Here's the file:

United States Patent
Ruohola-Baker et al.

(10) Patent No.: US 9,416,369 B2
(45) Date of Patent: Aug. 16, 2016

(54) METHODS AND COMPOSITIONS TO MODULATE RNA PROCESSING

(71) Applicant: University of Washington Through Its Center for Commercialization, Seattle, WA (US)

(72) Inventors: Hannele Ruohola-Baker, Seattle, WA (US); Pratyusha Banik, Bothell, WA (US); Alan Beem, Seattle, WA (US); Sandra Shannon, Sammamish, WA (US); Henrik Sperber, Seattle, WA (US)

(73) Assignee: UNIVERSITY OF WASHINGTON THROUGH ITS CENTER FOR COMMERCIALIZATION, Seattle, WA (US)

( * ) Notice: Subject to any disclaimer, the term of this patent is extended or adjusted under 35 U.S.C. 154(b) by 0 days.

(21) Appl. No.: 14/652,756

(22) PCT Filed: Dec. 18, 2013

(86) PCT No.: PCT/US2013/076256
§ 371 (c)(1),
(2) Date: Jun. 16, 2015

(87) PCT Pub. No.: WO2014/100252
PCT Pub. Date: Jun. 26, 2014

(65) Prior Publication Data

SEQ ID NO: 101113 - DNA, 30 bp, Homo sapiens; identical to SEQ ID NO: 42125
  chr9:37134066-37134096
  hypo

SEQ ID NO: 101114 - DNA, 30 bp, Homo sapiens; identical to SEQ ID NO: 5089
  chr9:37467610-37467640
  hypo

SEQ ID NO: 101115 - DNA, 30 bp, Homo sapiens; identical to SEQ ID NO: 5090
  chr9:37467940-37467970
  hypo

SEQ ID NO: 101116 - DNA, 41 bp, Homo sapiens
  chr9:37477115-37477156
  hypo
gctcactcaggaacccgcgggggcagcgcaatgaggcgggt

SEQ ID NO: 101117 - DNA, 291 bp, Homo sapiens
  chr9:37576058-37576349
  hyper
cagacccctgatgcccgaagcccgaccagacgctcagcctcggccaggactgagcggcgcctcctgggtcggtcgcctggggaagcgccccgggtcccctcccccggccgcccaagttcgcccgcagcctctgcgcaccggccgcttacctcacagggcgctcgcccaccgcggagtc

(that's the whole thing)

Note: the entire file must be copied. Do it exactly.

United States Patent
Ruohola-Baker et al.

(10) Patent No.: US 9,416,369 B2
(45) Date of Patent: Aug. 16, 2016

(54) METHODS AND COMPOSITIONS TO MODULATE RNA PROCESSING

(71) Applicant: University of Washington Through Its Center for Commercialization, Seattle, WA (US)

(72) Inventors: Hannele Ruohola-Baker, Seattle, WA (US); Pratyusha Banik, Bothell, WA (US); Alan Beem, Seattle, WA (US); Sandra Shannon, Sammamish, WA (US); Henrik Sperber, Seattle, WA (US)

(73) Assignee: UNIVERSITY OF WASHINGTON THROUGH ITS CENTER FOR COMMERCIALIZATION, Seattle, WA (US)

( * ) Notice: Subject to any disclaimer, the term of this patent is extended or adjusted under 35 U.S.C. 154(b) by 0 days.

(21) Appl. No.: 14/652,756

(22) PCT Filed: Dec. 18, 2013

(86) PCT No.: PCT/US2013/076256
§ 371 (c)(1),
(2) Date: Jun. 16, 2015

(87) PCT Pub. No.: WO2014/100252
PCT Pub. Date: Jun. 26, 2014

(65) Prior Publication Data

SEQ ID NO: 101113 - DNA, 30 bp, Homo sapiens; identical to SEQ ID NO: 42125
  chr9:37134066-37134096
  hypo

SEQ ID NO: 101114 - DNA, 30 bp, Homo sapiens; identical to SEQ ID NO: 5089
  chr9:37467610-37467640
  hypo

SEQ ID NO: 101115 - DNA, 30 bp, Homo sapiens; identical to SEQ ID NO: 5090
  chr9:37467940-37467970
  hypo

SEQ ID NO: 101116 - DNA, 41 bp, Homo sapiens
  chr9:37477115-37477156
  hypo
gctcactcaggaacccgcgggggcagcgcaatgaggcgggt

SEQ ID NO: 101117 - DNA, 291 bp, Homo sapiens
  chr9:37576058-37576349
  hyper
cagacccctgatgcccgaagcccgaccagacgctcagcctcggccaggactgagcggcgcctcctgggtcggtcgcctggggaagcgccccgggtcccctcccccggccgcccaagttcgcccgcagcctctgcgcaccggccgcttacctcacagggcgctcgcccaccgcggagtc